Are you an artist who is looking for a way to showcase your work online? If so, you have come to the right place! In this blog post, we will discuss 10 of the best websites for artists. These websites provide a platform for artists to share their work with the world, and they also offer various tools and resources that can help artists improve their craft. So, without further ado, let's get started!
The best website for artists is the one that you own. Whether you use a website builder or develop your artist website from scratch, to sell art online, you'll probably need an online store that you control. Selling art only is easy with your own site; more challenging if you're relying on someone else's marketing tools (like, say, Etsy).
The best website builder is one that you're comfortable with. If you're already tech savvy, I'd stay away from any website builder "for artists", as it is likely too restricting for your artistic vision. After all, your online art portfolio should stand out against other artists, and even the best website builders are just going to give you cookie cutter solutions.
Some people swear by the GoDaddy website builder, but I strongly disagree with GoDaddy on principle alone. While their website builder for artists might work well, supporting GoDaddy is supporting a company whose leadership trophy hunts. I'd rather take my online portfolio or artist website to somewhere else.
If you're going to work with WordPress, the best website builders in my opinion are Divi, Generate Press, and Oxygen. Other website builders have their purposes, but these three are for general use and integrate well with ecommerce features. I use all three of these on my own website(s) and run an online store on several, too.
Of these, I'd say that Divi is among the best portfolio website builders out there, but it can be a little slow and clunky. It is definitely an intuitive website builder.
Oxygen is less intuitive, but you can build a responsible portfolio website in mere hours once you get the hang of it. Plus, the website is clean, which maximizes the impact of your other marketing tools like social media and ecommerce features.
In order to sell art online, you need to be able to, you know, sell art. Online. Many website builders will upcharge you for the right to access ecommerce functionality, so make sure that you investigate before committing to a particular drag-and-drop editor or other tailored solutions.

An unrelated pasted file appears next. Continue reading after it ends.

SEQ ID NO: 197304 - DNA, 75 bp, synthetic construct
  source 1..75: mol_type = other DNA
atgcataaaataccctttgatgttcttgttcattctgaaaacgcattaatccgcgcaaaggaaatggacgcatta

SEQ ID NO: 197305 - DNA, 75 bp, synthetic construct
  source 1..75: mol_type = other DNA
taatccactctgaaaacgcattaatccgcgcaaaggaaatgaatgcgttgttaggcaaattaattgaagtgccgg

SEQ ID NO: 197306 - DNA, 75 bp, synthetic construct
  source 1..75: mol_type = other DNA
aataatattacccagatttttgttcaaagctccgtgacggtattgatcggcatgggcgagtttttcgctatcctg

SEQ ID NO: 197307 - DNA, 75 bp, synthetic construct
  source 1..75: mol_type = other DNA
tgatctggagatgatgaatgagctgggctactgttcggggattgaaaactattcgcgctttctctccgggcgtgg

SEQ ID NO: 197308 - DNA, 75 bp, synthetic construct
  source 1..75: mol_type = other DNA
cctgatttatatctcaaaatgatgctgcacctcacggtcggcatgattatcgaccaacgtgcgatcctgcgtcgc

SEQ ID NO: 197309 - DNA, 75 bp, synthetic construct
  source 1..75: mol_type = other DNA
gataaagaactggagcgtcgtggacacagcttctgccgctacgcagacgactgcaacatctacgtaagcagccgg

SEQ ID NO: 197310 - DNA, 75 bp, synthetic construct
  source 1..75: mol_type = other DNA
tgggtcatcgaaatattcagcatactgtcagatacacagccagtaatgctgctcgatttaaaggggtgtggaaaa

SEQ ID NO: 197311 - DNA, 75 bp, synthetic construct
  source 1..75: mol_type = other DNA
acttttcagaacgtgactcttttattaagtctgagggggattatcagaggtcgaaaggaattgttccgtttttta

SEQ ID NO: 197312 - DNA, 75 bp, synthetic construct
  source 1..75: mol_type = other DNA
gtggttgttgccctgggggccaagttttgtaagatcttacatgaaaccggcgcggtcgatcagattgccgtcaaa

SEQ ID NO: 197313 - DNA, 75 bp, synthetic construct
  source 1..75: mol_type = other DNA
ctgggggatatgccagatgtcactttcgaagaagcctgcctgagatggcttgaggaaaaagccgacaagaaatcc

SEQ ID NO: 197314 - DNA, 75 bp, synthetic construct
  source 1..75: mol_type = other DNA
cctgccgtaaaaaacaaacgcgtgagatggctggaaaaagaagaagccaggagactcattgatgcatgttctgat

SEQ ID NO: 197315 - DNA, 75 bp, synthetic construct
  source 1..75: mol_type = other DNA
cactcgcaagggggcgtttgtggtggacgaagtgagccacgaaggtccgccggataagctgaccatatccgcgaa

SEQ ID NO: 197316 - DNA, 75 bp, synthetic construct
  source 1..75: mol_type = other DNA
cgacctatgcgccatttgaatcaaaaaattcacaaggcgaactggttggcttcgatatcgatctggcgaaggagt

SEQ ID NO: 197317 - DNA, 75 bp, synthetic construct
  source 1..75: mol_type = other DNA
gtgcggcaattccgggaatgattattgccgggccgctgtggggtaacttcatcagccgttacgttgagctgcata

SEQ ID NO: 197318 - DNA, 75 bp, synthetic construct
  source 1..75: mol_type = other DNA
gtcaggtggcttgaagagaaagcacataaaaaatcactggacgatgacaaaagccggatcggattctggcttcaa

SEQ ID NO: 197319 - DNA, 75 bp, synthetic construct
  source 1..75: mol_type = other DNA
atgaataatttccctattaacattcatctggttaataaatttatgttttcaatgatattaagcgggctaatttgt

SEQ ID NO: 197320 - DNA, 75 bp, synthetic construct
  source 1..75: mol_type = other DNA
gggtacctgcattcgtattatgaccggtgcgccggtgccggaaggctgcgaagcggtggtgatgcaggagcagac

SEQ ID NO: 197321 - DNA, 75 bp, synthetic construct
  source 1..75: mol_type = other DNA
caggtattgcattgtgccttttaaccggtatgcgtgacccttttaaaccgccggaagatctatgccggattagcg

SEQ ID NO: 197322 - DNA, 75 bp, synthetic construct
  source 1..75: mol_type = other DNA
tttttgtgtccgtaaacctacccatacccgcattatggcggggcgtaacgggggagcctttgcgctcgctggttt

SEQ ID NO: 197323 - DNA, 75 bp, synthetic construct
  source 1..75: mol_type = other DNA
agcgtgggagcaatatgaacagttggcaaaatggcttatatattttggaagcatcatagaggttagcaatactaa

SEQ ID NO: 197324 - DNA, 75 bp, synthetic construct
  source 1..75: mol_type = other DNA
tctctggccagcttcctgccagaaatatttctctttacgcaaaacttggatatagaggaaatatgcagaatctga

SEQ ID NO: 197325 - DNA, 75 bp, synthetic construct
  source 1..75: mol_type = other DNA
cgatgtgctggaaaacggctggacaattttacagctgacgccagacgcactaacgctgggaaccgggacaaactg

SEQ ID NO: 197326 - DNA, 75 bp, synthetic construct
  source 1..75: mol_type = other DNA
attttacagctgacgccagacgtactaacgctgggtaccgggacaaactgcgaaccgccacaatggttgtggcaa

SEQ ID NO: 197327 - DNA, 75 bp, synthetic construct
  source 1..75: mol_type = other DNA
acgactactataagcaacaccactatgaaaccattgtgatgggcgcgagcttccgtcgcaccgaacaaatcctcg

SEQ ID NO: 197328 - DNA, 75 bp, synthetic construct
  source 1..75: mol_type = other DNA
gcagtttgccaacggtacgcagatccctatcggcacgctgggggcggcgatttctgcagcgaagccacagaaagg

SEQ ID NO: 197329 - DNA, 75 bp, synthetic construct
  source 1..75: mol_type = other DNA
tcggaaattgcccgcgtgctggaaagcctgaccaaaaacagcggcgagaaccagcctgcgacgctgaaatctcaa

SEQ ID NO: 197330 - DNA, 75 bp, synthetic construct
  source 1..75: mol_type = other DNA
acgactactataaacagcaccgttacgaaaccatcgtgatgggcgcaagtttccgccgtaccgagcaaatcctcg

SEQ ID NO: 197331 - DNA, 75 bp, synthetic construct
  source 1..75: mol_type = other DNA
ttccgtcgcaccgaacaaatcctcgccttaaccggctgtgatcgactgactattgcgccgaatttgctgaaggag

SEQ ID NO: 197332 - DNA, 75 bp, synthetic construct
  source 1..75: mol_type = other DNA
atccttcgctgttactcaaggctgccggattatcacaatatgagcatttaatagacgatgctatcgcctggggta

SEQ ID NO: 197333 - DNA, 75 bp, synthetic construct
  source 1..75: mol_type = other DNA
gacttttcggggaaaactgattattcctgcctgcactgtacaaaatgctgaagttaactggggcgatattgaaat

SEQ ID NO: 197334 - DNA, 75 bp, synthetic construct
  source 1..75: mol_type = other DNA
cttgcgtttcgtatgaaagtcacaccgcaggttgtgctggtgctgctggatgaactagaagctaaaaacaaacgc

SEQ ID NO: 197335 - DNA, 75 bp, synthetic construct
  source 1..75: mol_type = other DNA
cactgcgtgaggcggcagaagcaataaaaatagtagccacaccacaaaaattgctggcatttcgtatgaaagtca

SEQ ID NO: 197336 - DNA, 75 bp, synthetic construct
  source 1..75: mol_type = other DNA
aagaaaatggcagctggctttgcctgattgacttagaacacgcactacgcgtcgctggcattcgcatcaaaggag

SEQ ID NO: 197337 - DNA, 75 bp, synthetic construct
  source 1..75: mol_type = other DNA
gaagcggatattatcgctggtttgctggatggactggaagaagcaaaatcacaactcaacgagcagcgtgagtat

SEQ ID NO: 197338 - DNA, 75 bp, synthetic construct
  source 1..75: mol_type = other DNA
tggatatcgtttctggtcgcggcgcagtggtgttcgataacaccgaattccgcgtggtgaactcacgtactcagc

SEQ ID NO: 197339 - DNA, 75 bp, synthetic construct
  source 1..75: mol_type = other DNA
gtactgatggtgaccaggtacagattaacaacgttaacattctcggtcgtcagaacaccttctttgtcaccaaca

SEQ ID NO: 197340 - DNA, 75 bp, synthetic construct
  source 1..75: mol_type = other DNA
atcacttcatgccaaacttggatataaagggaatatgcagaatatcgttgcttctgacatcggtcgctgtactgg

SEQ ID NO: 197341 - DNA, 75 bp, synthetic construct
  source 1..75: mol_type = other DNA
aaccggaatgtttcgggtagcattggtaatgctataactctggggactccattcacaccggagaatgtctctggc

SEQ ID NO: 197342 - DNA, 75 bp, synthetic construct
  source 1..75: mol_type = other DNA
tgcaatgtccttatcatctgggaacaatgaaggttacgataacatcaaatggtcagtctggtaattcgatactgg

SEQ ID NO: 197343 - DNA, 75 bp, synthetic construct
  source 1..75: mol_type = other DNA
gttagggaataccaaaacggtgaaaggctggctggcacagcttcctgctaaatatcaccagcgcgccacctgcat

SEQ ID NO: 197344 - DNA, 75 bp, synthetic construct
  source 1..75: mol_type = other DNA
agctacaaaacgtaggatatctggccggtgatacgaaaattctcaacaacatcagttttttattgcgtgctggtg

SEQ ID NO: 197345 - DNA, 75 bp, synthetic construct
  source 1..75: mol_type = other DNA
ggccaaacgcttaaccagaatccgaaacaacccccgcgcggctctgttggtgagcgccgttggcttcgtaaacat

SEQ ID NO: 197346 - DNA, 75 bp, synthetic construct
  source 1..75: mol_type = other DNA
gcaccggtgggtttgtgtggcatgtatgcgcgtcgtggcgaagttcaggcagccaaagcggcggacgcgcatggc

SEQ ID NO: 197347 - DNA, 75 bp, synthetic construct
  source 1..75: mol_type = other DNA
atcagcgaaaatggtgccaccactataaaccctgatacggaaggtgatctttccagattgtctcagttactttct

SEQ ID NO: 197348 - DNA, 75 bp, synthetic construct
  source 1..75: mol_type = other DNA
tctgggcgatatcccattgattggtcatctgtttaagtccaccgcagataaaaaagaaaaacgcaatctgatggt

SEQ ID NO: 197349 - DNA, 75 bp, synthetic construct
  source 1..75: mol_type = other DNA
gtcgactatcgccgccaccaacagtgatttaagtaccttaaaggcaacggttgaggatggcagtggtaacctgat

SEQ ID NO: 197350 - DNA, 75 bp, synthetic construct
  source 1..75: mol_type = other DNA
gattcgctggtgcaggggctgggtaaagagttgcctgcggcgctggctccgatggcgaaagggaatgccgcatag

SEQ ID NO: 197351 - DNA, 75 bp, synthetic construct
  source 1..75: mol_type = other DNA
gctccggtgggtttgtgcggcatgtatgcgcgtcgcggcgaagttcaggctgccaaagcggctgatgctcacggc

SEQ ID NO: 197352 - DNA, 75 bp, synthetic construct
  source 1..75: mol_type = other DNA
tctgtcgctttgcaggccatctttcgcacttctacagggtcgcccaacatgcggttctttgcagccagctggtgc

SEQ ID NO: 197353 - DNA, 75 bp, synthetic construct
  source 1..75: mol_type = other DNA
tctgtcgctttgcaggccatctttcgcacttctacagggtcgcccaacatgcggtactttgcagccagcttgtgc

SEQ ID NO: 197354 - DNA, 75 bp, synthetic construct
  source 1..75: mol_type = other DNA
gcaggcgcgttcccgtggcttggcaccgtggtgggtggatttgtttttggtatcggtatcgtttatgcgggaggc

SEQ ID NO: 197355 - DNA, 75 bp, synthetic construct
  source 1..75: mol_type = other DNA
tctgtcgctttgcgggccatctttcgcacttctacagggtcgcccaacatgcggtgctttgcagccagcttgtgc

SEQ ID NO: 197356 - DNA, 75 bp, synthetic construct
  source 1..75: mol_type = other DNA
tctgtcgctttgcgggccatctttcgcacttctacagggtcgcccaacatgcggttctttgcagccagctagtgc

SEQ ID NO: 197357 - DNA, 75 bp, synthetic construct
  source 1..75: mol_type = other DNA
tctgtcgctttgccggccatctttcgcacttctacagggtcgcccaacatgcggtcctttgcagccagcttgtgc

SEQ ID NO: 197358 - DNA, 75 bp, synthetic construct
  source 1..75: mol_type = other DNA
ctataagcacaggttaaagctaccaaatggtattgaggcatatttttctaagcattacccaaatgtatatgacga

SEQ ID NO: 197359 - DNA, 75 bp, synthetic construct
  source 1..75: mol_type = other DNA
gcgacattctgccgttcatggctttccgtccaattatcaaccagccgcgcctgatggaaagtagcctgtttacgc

Having your own online store is important, especially to sell your art online to your fans. Online stores need to be customizable and have all the ecommerce features you need. You may need to allow for things like digital downloads, sell prints with print on demand tools, or need other integrations. So pay attention to ecommerce features. Ecommerce functionality should be first among other features if you're building your own web pages. Online stores should:
If your online store doesn't do these things, it's time to find a new website builder for your artist website or online portfolio.
Many web hosts will offer you a free domain for your website when you purchase a hosting plan. My favorite web host, NameCheap, definitely offers that deal regularly. While a custom domain name is important, make sure that you're making your hosting decision based on more than that, because certain paid plans may upcharge your domain name when it becomes time to renew.
If you plan to build a lot of websites, you may want to consider using Cloudways instead of a singular host. You can host your own website and nearly infinite low traffic websites for other artists. Nothing is restricted, so no need to worry about ecommerce features or a fully functional online portfolio.
There are several different portfolio websites that are classed as social media, and they all deserve your attention. If you're just starting out, chances are that you don't even need a professional website yet. You can likely get by with just using a social media platform to showcase your work. Here are some of the best social media platforms for artists:
While you might not think of Facebook as an art gallery, it is actually a great platform for artists. You can create a page for your artwork, and then share your page with your friends, family, and even advertise it. Facebook does have ecommerce functionality, but it leaves much to be desired.
Of all the social media accounts out there, Instagram is likely your most powerful tool for a low-effort "portfolio website." By simply tagging your artwork with #art, you can make it searchable by anyone on the app. Plus, if you link to your artist website in your bio, you can drive traffic to your site and increase sales.
Twitter is a great platform for promoting your artwork, but it's not going to be as effective as Instagram or even Pinterest in building your audience. Some people love twitter, but I find that it's too complex for simple sharing of my art. If you use Twitter for other reasons, it may make sense to use it for your art, too.
This is a sort of secret strategy, and one that's worth a try. Search engine optimization principles say that the more links back to your website that search engines see, the higher you'll exist in the search rankings.
One way to get links back to your website is by submitting your artist website to news sites. You can do this by finding a list of arts and culture editors for news sites and sending them an email with a link to your site and a pitch for an article.
You can also submit press releases about your art exhibitions or other events that you're participating in. Developing these relationships with news media will help you get "free" publicity and drive visible traffic to your artist web pages. This is a great strategy to boost traffic and analytics on all portfolio websites.